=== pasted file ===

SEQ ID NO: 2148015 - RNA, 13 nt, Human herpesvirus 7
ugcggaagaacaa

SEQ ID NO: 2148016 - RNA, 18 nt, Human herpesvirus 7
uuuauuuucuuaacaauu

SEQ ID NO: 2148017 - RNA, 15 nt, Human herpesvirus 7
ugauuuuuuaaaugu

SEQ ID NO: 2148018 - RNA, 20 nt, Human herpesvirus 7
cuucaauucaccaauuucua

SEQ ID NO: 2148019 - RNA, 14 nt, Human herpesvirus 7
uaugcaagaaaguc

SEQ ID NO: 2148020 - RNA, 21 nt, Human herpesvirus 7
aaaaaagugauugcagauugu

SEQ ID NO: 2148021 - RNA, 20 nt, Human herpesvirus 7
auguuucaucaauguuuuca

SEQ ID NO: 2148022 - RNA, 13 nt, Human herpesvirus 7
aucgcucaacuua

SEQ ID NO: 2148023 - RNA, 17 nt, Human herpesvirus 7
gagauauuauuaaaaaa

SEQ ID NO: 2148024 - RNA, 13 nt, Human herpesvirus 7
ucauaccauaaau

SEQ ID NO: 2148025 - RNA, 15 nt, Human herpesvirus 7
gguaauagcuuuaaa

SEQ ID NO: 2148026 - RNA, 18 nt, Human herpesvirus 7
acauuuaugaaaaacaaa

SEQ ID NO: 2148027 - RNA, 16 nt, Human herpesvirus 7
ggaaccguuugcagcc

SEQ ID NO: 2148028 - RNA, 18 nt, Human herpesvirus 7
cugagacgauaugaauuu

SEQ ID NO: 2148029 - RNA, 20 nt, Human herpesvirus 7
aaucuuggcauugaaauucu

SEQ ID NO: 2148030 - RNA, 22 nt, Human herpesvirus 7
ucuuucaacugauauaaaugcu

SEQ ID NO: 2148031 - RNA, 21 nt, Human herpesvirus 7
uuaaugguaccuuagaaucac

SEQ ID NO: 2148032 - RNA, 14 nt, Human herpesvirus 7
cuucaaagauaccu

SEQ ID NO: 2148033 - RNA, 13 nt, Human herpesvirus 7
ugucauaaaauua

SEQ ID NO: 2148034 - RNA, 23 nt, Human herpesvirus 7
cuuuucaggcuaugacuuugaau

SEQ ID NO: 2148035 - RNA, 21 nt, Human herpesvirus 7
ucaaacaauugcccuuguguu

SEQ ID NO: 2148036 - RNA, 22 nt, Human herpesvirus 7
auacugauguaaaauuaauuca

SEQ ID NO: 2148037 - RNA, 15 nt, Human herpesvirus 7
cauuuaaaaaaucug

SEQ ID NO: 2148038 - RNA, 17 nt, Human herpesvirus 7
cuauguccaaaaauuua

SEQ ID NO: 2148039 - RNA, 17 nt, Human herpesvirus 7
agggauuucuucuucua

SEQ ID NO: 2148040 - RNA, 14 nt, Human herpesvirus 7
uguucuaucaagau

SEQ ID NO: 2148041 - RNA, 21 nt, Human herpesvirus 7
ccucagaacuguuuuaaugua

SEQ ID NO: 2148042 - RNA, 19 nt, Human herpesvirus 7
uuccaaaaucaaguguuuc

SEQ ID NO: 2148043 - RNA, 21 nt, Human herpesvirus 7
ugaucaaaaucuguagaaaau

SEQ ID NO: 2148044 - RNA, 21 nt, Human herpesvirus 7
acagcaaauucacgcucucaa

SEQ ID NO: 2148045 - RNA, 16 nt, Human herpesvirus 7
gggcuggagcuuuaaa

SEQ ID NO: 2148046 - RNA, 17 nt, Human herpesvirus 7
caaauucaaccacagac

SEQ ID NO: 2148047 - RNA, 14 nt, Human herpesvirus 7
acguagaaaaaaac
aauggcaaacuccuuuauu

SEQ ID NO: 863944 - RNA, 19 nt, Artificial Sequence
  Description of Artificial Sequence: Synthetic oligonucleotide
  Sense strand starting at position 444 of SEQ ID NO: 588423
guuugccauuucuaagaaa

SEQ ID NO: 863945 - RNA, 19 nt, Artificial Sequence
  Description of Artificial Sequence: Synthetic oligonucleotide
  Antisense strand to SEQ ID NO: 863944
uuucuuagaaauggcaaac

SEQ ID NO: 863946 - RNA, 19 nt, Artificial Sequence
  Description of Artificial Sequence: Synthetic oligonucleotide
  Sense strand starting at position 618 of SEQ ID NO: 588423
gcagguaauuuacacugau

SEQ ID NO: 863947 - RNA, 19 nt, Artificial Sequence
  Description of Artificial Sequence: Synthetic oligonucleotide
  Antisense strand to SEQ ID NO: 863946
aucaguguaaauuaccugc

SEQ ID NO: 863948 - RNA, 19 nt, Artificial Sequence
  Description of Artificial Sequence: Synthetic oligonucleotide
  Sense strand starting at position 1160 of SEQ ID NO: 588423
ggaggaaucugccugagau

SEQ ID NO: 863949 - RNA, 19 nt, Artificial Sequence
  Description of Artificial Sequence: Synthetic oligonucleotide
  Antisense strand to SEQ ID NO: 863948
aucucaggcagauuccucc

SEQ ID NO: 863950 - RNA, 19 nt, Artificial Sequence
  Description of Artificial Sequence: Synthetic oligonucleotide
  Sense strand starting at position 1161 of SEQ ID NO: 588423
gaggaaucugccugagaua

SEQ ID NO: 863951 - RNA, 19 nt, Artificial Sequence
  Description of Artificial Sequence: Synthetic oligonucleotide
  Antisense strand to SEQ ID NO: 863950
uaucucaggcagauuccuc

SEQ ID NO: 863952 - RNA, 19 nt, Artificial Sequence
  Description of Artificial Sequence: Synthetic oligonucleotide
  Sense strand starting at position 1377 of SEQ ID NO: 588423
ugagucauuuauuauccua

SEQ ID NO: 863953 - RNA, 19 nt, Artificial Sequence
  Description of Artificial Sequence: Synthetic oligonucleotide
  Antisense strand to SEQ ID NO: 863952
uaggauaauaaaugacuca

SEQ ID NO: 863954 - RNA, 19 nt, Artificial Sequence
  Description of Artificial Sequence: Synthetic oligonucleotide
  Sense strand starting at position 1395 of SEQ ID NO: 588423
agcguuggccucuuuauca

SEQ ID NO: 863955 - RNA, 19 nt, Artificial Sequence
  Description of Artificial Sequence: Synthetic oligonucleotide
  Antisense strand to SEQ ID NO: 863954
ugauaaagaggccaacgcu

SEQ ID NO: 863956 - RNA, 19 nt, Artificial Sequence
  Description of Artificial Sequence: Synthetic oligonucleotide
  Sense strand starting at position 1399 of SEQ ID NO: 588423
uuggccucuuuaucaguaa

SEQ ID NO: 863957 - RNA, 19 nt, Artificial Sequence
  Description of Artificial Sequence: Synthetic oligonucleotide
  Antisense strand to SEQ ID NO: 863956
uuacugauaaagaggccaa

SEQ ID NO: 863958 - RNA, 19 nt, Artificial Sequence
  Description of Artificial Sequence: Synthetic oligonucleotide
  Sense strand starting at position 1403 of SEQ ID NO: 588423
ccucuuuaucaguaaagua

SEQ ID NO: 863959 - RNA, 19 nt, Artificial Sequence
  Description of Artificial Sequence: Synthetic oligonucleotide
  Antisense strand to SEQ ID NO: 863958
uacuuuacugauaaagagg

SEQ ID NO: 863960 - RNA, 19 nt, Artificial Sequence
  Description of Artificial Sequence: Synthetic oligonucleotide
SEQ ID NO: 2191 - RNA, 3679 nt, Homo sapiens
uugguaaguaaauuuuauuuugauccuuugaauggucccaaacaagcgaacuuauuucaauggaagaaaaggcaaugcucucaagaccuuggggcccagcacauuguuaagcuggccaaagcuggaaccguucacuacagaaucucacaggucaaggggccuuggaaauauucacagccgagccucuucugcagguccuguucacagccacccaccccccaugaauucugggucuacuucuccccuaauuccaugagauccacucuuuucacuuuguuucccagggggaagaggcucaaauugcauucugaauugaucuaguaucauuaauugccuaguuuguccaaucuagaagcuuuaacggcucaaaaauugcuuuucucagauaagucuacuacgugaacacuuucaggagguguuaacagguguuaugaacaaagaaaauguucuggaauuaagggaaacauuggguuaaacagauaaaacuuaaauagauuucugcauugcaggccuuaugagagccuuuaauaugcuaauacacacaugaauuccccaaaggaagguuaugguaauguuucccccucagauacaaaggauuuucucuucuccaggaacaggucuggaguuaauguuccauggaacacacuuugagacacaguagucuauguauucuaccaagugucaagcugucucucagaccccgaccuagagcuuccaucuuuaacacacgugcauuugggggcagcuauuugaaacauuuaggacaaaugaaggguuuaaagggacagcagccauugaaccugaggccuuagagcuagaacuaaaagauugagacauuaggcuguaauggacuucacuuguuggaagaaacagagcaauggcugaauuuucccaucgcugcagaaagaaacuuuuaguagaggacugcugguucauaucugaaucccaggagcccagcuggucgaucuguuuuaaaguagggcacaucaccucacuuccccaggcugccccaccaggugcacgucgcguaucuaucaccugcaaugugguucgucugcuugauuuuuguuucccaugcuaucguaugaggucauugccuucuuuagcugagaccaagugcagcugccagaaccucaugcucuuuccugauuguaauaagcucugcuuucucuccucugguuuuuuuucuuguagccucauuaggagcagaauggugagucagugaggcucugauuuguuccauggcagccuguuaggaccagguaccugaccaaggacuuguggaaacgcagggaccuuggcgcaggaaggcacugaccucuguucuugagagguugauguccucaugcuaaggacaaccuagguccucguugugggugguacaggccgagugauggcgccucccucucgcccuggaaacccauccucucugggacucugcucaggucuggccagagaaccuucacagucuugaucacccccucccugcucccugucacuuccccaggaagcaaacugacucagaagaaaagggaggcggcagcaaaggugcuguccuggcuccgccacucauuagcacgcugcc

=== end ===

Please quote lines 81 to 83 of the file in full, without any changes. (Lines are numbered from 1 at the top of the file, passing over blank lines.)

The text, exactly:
  Description of Artificial Sequence: Synthetic oligonucleotide
  Antisense strand to SEQ ID NO: 863946
aucaguguaaauuaccugc